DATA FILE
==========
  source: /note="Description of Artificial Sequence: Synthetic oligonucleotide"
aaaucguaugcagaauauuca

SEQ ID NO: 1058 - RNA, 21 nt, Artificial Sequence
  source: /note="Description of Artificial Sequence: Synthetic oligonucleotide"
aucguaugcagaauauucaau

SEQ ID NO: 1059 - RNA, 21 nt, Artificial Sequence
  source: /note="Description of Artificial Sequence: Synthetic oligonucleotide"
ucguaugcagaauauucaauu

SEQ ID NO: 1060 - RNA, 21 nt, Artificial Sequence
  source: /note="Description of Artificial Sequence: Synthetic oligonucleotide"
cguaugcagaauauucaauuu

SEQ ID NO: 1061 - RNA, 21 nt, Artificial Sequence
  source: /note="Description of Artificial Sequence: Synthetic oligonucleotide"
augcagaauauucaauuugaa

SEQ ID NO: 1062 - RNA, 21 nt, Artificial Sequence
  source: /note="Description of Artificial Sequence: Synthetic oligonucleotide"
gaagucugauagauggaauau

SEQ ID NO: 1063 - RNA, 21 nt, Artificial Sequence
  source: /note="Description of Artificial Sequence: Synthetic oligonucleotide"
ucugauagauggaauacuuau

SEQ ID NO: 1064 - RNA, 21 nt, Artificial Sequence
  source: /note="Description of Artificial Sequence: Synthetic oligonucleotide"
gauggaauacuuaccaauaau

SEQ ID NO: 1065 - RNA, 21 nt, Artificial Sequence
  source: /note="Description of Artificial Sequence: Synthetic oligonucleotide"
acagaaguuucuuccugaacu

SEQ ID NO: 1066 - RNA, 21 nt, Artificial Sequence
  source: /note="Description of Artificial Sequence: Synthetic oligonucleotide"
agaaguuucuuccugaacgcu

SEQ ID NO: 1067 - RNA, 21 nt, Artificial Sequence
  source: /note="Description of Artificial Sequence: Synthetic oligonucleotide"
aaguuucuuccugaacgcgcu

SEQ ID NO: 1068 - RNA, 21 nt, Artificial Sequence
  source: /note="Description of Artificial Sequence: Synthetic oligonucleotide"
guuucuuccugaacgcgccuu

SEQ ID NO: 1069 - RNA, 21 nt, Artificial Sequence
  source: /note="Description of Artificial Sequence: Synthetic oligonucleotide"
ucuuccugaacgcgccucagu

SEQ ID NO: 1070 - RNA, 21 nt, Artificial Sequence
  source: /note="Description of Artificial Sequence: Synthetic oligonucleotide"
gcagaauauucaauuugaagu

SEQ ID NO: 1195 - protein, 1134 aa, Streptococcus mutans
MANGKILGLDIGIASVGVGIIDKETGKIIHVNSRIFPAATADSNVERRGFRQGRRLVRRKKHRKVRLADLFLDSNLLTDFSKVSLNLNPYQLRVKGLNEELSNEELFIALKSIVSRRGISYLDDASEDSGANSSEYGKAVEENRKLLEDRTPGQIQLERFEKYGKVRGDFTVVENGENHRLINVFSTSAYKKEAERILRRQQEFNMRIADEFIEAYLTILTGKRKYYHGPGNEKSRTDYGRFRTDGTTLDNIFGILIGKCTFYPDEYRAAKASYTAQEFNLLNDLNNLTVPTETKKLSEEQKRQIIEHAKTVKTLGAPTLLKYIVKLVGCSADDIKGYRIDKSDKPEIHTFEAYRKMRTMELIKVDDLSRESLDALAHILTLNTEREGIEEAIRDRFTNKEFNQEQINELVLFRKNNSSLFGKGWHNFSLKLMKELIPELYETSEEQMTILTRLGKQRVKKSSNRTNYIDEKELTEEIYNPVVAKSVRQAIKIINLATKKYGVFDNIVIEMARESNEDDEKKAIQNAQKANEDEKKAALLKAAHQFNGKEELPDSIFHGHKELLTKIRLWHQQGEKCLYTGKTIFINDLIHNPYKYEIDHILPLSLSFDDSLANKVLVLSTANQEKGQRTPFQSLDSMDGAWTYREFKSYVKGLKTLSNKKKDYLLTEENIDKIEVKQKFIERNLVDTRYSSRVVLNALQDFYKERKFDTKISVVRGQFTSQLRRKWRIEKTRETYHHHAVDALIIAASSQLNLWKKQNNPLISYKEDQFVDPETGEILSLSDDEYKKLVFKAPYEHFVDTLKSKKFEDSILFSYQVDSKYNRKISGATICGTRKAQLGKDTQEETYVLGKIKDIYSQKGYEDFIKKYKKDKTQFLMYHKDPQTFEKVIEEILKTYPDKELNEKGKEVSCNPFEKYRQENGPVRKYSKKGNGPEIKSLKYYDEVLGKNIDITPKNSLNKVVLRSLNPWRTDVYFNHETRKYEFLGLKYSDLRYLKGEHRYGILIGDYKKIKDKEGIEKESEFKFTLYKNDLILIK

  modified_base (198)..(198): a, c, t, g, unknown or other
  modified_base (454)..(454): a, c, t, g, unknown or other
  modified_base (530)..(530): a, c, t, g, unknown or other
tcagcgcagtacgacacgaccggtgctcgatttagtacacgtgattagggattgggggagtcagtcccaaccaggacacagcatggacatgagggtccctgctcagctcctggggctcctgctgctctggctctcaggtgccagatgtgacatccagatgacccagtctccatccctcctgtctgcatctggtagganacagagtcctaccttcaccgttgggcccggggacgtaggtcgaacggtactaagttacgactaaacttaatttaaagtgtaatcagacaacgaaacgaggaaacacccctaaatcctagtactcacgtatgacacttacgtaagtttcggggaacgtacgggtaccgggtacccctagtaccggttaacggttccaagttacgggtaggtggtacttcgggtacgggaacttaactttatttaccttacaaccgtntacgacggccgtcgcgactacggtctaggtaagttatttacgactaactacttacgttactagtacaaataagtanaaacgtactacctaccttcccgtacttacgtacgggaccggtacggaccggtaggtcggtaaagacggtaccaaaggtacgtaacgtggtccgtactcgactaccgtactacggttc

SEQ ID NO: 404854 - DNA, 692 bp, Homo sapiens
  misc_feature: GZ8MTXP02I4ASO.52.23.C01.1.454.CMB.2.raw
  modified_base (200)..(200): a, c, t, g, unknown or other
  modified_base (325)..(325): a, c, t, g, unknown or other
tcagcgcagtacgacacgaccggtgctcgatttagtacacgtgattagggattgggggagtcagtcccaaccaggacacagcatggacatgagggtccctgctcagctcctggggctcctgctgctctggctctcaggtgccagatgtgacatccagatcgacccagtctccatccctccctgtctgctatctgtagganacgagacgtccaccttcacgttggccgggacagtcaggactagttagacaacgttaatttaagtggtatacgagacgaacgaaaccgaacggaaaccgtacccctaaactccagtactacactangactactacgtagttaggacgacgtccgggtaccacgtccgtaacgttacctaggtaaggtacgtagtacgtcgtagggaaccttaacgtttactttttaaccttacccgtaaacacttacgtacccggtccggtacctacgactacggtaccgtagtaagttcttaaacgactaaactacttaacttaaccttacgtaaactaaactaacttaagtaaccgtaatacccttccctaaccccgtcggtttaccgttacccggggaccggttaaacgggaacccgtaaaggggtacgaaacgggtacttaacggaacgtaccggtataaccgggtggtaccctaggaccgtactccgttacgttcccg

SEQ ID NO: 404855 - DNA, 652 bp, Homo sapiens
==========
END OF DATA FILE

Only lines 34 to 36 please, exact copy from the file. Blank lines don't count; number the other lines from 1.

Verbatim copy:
  source: /note="Description of Artificial Sequence: Synthetic oligonucleotide"
guuucuuccugaacgcgccuu

SEQ ID NO: 1069 - RNA, 21 nt, Artificial Sequence